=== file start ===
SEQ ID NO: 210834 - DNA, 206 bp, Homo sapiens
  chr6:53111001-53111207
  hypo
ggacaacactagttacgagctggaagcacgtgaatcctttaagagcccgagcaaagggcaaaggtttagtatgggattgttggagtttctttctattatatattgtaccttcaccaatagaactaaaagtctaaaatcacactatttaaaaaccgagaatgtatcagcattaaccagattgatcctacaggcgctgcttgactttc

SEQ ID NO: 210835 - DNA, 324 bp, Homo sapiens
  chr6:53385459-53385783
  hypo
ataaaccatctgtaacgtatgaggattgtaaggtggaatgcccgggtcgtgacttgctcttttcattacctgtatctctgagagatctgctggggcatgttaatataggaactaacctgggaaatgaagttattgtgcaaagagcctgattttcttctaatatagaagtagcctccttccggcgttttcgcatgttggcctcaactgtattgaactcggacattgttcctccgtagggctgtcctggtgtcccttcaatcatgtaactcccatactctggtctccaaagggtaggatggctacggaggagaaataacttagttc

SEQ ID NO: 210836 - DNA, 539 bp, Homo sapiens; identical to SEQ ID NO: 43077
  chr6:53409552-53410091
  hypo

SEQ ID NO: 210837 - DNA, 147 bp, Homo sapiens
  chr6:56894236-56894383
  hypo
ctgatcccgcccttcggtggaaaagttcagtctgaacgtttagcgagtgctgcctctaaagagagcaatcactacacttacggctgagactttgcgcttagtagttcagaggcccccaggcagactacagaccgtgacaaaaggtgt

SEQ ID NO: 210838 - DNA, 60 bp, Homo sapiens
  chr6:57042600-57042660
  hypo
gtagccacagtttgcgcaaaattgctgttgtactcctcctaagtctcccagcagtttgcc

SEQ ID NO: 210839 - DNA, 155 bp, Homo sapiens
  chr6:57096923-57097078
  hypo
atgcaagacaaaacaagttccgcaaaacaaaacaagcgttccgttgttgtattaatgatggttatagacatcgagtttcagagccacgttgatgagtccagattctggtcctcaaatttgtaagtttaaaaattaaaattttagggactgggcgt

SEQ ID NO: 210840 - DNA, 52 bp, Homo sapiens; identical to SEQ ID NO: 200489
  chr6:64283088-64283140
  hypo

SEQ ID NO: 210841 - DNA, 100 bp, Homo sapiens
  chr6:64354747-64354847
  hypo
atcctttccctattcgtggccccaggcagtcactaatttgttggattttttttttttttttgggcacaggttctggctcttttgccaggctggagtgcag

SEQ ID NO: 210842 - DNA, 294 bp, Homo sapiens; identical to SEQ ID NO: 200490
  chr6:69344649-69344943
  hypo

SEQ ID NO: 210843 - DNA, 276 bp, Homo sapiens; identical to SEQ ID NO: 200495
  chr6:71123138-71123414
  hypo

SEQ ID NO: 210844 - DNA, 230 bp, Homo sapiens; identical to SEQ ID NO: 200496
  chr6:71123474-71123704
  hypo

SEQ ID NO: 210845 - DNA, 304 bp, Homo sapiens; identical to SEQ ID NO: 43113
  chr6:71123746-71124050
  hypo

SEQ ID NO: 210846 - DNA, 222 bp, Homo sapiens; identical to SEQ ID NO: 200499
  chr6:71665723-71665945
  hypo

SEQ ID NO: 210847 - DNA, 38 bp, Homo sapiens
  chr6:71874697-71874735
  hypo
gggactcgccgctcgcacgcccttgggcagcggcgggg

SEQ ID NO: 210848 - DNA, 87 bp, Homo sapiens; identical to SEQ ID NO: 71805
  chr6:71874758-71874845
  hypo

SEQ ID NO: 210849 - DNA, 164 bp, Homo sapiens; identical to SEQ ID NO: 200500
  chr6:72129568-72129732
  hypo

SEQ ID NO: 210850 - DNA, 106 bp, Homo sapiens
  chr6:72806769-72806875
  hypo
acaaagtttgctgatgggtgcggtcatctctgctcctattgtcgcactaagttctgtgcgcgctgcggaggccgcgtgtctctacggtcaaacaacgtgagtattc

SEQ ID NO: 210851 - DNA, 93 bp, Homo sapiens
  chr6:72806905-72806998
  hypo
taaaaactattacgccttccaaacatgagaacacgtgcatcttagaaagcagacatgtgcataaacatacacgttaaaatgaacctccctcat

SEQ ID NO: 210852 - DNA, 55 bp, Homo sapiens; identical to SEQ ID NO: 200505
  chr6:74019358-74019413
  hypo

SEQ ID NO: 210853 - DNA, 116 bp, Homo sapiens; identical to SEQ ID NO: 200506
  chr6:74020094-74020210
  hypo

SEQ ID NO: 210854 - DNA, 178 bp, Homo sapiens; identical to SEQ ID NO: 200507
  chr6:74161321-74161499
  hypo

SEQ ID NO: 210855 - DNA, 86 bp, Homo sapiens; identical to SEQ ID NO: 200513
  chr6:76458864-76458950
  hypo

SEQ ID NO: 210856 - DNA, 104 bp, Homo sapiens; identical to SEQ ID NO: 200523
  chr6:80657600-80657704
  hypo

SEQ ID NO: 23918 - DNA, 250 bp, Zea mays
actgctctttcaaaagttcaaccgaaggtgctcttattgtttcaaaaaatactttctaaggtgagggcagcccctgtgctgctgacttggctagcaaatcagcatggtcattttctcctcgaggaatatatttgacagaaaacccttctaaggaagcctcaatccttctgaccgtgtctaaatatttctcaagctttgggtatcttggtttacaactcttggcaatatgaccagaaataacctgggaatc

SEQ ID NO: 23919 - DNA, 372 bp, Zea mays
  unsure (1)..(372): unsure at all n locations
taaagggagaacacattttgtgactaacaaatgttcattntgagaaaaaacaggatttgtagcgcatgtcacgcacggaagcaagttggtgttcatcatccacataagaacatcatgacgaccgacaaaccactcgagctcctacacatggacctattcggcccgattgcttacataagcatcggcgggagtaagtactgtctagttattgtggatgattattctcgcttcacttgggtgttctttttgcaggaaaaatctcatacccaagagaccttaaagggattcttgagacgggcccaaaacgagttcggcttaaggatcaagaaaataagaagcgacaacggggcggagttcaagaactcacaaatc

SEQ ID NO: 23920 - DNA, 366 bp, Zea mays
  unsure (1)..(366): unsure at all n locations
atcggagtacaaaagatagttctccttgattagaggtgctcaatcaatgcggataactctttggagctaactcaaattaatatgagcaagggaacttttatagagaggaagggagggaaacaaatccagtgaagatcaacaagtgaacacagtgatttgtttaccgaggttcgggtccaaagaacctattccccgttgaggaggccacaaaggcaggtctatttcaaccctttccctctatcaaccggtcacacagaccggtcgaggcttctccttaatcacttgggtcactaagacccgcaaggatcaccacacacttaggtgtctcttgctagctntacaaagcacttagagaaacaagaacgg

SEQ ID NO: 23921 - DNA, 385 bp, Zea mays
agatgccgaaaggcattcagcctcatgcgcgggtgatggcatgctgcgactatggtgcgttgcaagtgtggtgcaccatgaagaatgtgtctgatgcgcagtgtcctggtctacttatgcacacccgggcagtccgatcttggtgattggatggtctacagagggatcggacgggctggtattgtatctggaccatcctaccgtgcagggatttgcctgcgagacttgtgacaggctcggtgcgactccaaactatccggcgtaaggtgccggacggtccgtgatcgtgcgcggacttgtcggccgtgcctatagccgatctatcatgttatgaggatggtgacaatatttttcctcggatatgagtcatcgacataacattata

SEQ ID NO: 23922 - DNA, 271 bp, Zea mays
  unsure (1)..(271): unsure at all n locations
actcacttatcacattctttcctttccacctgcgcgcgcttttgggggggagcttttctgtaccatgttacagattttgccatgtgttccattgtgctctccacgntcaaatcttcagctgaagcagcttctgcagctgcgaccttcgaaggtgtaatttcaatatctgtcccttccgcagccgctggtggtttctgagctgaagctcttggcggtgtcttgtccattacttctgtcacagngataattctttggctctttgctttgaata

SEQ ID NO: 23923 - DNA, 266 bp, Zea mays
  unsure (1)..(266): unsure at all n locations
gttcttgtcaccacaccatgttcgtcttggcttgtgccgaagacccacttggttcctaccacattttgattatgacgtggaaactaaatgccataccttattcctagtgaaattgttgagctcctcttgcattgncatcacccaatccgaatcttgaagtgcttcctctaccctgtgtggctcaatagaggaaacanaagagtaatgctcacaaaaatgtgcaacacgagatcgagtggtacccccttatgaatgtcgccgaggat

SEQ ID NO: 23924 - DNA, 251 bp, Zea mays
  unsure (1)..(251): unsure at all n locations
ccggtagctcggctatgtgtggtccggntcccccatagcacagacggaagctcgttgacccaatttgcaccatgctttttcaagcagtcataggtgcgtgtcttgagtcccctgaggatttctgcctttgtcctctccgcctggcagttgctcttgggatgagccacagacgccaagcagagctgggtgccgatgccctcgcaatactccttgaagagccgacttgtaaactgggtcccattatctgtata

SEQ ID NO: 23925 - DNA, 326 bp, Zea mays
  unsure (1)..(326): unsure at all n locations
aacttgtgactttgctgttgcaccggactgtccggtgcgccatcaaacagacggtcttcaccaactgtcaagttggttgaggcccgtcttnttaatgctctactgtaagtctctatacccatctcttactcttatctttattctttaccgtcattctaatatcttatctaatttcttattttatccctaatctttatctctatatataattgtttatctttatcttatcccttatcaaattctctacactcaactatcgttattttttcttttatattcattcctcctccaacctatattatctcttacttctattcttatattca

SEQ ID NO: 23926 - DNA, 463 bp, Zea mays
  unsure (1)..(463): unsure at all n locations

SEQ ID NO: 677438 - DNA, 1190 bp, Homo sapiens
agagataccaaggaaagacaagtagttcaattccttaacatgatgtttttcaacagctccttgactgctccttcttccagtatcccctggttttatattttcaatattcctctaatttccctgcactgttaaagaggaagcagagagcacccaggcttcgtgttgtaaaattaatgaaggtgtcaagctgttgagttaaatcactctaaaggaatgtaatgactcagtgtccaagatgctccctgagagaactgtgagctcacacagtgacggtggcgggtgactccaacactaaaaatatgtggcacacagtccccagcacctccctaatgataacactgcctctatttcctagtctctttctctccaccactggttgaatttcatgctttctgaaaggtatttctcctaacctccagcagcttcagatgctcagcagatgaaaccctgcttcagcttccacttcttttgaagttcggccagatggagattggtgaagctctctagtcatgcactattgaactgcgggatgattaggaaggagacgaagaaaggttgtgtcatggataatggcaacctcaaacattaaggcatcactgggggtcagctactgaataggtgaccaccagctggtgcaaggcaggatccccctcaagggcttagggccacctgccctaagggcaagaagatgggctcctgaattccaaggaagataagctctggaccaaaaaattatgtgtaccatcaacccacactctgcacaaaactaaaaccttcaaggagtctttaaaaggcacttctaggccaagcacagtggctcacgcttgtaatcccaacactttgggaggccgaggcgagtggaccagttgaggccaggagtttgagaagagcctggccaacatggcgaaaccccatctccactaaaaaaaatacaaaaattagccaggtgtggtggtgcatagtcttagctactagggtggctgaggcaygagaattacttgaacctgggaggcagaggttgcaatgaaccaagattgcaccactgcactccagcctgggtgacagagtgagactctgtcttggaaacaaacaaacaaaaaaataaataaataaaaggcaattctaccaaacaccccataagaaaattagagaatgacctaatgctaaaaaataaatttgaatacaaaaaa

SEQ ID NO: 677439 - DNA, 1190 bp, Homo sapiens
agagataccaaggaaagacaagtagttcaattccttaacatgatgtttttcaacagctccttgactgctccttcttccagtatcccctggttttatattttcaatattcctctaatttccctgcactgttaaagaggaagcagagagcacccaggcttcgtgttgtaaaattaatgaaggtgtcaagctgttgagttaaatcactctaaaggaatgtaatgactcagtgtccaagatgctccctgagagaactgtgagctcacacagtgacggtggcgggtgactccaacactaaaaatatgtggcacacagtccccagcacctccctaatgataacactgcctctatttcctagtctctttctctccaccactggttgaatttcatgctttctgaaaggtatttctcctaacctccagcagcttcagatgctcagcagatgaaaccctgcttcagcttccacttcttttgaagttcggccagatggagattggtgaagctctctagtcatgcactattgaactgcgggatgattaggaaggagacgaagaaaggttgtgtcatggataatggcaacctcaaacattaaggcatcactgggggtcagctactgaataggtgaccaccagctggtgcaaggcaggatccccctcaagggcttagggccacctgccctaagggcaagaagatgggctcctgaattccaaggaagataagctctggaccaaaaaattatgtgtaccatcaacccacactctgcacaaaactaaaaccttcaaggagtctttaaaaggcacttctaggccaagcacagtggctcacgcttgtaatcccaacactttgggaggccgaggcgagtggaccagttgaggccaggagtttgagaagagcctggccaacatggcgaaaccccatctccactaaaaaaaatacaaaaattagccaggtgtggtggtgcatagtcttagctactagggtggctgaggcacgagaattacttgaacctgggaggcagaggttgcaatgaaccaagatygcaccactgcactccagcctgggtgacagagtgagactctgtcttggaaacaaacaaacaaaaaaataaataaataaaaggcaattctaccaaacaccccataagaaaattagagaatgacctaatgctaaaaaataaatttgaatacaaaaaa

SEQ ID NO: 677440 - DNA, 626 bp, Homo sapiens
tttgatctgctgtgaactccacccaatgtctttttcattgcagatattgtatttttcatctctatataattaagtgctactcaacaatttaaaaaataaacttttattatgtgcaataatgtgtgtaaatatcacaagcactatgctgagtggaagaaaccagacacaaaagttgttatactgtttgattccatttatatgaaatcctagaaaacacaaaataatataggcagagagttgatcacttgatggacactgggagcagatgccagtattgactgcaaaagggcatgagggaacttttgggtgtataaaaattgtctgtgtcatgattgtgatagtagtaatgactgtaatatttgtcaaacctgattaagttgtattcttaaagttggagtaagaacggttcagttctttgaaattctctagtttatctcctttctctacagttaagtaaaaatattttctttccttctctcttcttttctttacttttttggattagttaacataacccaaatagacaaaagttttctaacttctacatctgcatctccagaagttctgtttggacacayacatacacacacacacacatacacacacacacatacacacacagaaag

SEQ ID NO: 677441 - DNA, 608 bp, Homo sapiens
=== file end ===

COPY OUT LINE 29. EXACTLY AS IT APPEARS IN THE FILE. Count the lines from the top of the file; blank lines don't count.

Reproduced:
  hypo